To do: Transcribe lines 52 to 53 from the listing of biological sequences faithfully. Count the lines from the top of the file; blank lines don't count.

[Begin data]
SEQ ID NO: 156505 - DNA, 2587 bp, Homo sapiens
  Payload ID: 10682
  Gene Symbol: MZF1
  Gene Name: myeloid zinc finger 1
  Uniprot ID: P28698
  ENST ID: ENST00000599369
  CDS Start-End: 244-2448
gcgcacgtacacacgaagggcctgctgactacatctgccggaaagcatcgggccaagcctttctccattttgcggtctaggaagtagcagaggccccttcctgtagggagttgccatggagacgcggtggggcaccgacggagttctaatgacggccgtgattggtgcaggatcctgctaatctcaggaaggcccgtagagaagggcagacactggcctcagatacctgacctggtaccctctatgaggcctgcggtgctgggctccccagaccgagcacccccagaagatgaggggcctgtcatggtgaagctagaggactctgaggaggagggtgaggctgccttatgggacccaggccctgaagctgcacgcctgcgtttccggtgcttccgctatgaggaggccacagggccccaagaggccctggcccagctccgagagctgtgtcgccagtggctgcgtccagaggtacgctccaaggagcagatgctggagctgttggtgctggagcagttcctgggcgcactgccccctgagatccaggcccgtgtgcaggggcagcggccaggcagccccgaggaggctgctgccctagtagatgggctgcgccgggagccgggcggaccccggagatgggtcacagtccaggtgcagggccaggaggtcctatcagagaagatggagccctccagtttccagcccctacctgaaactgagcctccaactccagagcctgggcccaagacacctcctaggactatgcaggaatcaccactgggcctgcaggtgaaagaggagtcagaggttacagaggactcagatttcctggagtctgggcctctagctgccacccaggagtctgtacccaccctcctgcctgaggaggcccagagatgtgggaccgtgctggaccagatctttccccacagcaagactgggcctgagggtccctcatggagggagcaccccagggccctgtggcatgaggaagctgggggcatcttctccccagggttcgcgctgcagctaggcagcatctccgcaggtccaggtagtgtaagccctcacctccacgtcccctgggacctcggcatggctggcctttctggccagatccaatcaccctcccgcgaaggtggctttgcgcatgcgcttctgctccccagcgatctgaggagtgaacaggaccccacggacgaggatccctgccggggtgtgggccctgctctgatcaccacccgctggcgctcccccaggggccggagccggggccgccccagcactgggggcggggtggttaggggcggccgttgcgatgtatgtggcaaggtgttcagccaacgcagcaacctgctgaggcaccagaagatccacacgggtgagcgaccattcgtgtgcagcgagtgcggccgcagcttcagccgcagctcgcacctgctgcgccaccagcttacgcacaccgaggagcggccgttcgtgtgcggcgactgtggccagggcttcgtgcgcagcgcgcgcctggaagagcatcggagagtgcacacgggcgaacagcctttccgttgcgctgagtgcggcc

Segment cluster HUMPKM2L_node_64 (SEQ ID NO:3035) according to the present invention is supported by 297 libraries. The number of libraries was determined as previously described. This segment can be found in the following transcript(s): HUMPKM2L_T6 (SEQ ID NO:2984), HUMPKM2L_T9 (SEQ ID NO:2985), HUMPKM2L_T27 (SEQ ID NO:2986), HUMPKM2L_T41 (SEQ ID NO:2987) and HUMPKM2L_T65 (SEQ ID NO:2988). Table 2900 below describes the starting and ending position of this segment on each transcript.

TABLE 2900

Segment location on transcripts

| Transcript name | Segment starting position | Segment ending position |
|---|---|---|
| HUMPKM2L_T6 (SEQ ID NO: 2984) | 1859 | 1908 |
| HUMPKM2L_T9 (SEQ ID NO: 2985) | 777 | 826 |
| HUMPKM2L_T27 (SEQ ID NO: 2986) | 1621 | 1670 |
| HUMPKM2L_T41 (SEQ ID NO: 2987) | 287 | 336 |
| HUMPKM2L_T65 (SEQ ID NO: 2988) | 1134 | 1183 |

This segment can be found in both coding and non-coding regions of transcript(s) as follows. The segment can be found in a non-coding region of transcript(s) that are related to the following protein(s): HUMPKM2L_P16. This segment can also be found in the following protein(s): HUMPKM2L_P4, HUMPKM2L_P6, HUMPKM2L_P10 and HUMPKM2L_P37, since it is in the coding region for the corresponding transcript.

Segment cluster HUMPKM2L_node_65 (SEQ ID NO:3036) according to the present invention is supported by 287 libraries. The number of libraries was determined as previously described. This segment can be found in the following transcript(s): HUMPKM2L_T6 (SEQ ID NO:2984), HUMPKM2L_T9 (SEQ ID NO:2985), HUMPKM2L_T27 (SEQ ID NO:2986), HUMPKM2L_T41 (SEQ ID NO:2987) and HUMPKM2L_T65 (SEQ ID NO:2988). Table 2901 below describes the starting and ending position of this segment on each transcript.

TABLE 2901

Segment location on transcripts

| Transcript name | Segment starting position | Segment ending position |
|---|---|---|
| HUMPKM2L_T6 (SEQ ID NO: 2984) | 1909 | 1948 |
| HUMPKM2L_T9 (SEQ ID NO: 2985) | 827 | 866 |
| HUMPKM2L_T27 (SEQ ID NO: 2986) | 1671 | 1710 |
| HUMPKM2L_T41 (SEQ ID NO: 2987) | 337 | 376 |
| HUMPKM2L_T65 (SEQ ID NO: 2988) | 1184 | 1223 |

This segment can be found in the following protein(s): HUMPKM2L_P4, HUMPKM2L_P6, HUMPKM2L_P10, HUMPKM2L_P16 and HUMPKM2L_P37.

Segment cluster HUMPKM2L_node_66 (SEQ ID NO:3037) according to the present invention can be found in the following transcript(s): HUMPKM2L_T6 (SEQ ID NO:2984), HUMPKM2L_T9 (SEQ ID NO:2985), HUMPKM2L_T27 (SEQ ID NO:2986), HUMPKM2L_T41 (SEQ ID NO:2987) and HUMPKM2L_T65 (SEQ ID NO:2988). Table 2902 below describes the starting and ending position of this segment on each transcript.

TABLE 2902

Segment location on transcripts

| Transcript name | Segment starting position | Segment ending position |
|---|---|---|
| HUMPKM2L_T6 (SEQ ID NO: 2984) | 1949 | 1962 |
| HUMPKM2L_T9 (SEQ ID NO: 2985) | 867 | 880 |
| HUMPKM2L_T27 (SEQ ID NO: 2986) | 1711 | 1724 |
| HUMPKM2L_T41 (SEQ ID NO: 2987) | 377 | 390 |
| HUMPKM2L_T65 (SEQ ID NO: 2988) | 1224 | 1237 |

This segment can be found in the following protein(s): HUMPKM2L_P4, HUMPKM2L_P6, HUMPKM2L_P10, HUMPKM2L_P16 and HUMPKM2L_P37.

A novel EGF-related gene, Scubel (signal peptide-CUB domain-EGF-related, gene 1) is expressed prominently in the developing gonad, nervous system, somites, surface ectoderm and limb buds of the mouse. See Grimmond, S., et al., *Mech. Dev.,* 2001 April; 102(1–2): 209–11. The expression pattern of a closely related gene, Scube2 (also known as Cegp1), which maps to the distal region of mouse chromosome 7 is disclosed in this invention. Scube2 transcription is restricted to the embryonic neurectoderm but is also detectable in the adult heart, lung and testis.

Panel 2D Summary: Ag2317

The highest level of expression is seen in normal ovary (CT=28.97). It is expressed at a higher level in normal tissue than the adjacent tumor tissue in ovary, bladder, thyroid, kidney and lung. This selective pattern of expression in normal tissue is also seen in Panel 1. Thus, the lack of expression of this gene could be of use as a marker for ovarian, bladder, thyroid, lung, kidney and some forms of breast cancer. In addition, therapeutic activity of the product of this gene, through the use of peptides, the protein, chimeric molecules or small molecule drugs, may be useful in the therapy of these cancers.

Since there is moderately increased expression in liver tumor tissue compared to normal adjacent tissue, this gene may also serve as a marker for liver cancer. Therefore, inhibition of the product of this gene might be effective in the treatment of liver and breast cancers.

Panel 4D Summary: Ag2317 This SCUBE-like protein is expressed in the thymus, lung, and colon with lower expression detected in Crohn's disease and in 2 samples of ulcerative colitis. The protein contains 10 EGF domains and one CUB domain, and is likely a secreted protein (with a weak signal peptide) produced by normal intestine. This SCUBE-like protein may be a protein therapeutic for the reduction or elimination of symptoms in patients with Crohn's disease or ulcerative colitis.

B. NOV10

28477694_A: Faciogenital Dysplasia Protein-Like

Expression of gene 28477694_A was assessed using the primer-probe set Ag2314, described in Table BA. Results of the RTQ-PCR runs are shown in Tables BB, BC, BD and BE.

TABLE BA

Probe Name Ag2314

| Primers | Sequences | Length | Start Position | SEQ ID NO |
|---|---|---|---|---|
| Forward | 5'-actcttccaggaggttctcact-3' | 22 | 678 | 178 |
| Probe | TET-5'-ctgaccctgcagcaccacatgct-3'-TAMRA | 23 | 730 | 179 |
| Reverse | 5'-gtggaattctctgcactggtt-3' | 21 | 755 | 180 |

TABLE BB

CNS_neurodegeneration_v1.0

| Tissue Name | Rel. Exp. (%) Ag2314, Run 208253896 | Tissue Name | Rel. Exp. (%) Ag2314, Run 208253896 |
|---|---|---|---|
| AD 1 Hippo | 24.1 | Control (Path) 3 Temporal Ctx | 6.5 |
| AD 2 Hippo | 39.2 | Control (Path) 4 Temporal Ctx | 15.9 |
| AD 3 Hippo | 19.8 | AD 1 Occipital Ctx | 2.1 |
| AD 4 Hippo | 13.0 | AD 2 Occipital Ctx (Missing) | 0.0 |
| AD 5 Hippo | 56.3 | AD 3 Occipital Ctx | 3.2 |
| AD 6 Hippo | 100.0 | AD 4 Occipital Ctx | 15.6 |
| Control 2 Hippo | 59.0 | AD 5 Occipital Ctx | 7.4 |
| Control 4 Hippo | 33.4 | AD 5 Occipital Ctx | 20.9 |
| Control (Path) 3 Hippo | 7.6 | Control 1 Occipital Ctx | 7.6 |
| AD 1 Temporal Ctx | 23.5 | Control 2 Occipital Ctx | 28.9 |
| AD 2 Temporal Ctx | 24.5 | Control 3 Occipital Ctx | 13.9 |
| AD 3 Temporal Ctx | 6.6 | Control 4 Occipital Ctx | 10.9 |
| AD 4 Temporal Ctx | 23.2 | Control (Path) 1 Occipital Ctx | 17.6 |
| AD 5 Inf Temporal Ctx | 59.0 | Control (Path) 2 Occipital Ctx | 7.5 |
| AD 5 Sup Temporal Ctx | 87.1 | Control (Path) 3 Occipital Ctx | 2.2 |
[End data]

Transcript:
| Primers | Sequences | Length | Start Position | SEQ ID NO |
|---|---|---|---|---|